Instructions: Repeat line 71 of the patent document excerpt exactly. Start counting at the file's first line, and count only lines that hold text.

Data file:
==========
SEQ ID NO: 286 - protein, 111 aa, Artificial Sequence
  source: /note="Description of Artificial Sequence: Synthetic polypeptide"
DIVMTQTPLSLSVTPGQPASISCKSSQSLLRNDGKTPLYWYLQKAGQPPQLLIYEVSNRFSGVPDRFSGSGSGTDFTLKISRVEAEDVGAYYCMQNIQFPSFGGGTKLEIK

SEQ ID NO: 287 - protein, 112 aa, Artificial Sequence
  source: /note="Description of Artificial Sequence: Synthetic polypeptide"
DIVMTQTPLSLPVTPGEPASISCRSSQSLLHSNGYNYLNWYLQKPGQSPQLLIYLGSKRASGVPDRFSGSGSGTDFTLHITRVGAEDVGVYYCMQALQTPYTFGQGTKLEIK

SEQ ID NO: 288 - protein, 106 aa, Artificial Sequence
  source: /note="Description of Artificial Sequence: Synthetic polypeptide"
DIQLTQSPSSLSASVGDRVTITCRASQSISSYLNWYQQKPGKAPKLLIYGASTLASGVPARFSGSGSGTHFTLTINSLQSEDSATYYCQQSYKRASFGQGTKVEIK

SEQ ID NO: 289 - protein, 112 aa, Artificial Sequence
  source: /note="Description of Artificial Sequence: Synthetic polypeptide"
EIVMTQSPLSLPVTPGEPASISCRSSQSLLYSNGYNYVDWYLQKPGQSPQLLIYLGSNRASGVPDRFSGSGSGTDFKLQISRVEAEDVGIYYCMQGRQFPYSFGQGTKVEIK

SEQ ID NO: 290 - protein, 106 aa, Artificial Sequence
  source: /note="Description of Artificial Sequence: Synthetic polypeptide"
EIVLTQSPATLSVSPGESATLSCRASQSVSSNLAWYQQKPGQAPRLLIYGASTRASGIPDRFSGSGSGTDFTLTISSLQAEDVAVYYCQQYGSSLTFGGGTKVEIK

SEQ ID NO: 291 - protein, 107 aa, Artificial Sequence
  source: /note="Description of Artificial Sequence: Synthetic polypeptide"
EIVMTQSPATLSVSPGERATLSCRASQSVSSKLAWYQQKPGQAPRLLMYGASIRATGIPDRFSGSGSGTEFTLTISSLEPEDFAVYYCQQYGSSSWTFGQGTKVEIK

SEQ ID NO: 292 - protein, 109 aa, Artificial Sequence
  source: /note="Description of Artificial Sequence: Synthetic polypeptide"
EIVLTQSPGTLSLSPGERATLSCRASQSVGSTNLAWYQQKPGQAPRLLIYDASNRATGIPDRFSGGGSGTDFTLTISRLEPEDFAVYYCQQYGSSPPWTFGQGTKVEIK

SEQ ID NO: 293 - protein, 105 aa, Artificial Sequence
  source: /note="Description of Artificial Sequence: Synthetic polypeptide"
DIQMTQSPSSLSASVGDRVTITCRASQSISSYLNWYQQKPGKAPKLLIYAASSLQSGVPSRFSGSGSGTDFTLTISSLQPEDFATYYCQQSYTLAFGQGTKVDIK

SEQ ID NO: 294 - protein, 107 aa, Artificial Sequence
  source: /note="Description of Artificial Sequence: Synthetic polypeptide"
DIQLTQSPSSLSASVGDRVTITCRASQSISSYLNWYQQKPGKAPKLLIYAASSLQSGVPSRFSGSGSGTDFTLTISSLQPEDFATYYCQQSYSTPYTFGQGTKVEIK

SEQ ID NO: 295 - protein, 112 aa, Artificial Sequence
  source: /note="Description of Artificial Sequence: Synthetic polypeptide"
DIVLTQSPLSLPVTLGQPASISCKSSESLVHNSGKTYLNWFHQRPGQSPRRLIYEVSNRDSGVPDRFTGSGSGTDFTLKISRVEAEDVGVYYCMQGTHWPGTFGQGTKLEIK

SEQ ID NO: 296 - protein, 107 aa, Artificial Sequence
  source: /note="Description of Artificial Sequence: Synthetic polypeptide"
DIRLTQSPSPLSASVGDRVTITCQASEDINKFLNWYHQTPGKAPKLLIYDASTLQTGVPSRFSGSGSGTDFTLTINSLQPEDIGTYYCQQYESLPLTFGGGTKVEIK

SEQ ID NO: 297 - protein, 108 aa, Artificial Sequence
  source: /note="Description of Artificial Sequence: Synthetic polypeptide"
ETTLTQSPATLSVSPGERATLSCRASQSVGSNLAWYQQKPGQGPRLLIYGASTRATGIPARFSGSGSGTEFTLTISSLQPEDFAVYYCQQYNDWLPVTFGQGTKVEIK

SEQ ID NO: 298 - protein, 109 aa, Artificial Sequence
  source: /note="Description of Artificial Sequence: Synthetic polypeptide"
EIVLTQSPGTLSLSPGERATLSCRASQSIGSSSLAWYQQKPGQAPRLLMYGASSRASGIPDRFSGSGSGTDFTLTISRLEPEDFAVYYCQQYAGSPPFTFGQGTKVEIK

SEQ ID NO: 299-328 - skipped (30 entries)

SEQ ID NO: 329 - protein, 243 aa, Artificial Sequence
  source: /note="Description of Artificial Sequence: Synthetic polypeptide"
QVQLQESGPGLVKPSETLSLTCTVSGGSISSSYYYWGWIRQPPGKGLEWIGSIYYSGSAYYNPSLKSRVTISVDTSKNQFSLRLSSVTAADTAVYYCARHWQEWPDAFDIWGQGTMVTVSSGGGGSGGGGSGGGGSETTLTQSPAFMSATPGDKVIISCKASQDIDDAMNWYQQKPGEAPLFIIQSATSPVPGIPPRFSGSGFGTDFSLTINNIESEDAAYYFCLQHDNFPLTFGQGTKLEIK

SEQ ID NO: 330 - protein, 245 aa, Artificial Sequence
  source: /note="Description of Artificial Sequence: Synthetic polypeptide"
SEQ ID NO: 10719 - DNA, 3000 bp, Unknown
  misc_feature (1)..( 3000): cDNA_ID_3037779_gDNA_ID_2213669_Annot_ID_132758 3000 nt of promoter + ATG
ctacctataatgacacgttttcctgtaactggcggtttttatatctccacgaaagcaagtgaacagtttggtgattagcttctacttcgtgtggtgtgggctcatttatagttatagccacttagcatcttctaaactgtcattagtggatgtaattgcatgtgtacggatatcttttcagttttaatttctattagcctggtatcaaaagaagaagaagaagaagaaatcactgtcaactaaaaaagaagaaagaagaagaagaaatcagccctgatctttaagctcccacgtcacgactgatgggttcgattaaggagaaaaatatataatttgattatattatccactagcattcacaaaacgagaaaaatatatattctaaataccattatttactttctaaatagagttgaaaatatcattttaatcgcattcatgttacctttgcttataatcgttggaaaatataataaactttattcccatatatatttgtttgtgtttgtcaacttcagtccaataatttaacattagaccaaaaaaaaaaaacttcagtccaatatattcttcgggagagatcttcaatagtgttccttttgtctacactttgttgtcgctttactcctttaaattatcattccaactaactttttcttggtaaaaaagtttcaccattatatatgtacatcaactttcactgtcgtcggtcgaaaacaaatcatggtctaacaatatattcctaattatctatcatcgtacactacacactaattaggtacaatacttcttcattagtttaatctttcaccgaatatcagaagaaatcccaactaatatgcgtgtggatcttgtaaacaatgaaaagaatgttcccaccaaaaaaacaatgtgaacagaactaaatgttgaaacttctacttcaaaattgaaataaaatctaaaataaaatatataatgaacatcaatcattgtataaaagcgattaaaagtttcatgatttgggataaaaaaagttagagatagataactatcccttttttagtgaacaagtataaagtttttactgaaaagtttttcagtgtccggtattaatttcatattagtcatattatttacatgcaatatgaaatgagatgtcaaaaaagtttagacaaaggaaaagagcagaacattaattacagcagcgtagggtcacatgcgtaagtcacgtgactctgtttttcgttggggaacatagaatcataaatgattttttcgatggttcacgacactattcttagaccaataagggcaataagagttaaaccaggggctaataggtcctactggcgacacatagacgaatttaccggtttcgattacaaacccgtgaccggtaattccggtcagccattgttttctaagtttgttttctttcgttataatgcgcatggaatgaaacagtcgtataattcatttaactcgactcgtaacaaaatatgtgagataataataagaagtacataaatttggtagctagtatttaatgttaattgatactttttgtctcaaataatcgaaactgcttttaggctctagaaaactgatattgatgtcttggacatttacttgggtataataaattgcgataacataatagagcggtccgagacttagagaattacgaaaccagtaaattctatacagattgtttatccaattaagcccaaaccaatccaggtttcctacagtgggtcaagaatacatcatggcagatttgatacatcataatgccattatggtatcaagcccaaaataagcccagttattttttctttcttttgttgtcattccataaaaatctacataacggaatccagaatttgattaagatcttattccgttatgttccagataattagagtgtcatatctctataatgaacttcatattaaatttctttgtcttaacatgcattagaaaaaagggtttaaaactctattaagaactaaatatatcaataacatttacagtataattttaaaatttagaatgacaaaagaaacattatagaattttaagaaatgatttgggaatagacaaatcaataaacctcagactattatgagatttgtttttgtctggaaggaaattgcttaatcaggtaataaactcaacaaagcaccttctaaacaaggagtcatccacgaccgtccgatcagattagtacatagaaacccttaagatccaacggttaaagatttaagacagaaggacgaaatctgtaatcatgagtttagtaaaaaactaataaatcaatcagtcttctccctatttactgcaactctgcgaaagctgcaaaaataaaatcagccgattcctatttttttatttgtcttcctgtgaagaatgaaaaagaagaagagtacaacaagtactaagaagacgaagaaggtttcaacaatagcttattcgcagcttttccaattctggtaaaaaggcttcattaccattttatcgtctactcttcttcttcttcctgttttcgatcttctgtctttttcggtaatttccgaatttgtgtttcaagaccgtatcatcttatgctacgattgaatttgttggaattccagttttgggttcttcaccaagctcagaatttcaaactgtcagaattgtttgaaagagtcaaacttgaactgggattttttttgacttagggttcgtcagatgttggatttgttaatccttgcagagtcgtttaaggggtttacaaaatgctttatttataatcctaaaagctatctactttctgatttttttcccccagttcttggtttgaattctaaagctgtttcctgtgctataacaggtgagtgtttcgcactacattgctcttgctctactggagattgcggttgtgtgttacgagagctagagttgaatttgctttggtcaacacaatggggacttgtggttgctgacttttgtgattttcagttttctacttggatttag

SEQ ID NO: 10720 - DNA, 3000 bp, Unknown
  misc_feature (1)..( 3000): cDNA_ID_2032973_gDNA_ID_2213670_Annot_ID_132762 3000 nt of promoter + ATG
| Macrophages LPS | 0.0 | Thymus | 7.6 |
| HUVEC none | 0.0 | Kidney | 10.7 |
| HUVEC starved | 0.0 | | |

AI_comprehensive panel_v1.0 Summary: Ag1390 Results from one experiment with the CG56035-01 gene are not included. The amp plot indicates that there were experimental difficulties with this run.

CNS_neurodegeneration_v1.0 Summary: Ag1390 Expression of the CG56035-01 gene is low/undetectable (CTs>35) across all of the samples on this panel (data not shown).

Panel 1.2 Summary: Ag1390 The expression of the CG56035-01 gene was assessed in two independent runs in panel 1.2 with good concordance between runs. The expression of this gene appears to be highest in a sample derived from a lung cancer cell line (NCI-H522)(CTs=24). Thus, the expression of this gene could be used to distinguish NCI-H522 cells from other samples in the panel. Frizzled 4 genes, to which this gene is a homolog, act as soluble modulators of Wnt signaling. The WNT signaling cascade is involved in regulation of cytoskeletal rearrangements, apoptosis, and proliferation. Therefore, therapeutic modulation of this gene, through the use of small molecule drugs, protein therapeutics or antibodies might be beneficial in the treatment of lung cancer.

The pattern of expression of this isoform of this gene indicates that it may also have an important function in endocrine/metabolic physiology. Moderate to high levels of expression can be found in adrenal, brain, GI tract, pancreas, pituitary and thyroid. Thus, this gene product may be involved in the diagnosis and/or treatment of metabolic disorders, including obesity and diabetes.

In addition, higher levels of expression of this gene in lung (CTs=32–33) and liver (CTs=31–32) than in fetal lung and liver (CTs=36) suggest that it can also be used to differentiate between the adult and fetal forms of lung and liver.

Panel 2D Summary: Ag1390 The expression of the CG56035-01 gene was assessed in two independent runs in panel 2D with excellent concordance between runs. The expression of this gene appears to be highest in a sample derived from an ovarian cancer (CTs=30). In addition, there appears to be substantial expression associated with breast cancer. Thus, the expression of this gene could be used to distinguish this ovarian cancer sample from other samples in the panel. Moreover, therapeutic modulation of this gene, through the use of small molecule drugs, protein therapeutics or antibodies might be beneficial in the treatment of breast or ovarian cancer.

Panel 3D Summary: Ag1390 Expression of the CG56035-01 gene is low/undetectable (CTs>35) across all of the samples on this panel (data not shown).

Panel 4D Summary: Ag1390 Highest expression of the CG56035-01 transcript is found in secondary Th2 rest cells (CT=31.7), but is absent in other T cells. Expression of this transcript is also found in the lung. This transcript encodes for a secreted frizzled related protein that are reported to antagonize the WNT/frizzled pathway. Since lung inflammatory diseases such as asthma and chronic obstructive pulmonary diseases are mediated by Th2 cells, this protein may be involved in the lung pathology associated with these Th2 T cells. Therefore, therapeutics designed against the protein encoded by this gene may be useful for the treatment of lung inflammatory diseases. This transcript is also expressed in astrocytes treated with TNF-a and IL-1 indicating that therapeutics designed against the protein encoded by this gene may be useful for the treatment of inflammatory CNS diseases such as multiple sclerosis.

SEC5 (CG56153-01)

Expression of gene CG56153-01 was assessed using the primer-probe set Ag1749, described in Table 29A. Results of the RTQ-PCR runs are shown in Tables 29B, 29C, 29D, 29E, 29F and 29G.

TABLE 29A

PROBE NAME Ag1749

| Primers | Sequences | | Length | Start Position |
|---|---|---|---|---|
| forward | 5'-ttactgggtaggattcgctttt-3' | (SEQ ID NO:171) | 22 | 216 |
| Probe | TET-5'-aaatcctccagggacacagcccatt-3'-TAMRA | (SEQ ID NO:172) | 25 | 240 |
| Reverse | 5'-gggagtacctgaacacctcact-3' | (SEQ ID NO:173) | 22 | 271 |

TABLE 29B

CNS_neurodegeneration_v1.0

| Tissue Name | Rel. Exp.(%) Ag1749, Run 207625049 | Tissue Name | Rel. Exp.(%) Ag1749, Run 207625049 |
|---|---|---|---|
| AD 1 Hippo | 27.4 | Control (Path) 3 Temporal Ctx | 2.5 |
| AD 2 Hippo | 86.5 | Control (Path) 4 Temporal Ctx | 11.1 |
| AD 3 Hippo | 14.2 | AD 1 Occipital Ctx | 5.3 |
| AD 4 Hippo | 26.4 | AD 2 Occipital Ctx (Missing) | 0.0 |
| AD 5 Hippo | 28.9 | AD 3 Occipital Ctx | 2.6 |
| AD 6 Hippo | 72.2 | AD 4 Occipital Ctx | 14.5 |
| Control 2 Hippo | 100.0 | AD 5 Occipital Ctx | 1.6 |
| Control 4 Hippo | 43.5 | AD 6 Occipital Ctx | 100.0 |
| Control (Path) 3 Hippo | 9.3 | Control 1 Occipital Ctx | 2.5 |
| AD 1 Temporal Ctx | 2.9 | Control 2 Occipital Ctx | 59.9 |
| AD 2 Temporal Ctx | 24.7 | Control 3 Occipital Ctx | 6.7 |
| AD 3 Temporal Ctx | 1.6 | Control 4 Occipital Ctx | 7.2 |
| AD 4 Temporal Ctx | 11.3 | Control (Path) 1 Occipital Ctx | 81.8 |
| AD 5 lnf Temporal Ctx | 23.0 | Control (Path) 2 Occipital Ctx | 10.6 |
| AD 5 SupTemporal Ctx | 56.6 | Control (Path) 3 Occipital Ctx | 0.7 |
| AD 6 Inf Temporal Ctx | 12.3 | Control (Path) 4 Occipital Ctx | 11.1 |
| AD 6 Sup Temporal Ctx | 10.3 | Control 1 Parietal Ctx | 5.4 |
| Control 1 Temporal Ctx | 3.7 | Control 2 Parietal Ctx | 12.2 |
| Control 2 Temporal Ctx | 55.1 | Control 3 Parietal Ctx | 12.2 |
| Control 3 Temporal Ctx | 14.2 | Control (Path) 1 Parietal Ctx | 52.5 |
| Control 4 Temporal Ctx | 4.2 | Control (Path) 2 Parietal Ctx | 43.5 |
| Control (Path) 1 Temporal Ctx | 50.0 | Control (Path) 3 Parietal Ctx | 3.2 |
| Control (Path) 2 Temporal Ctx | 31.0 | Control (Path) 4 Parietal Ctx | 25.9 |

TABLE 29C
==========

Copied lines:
TABLE 29B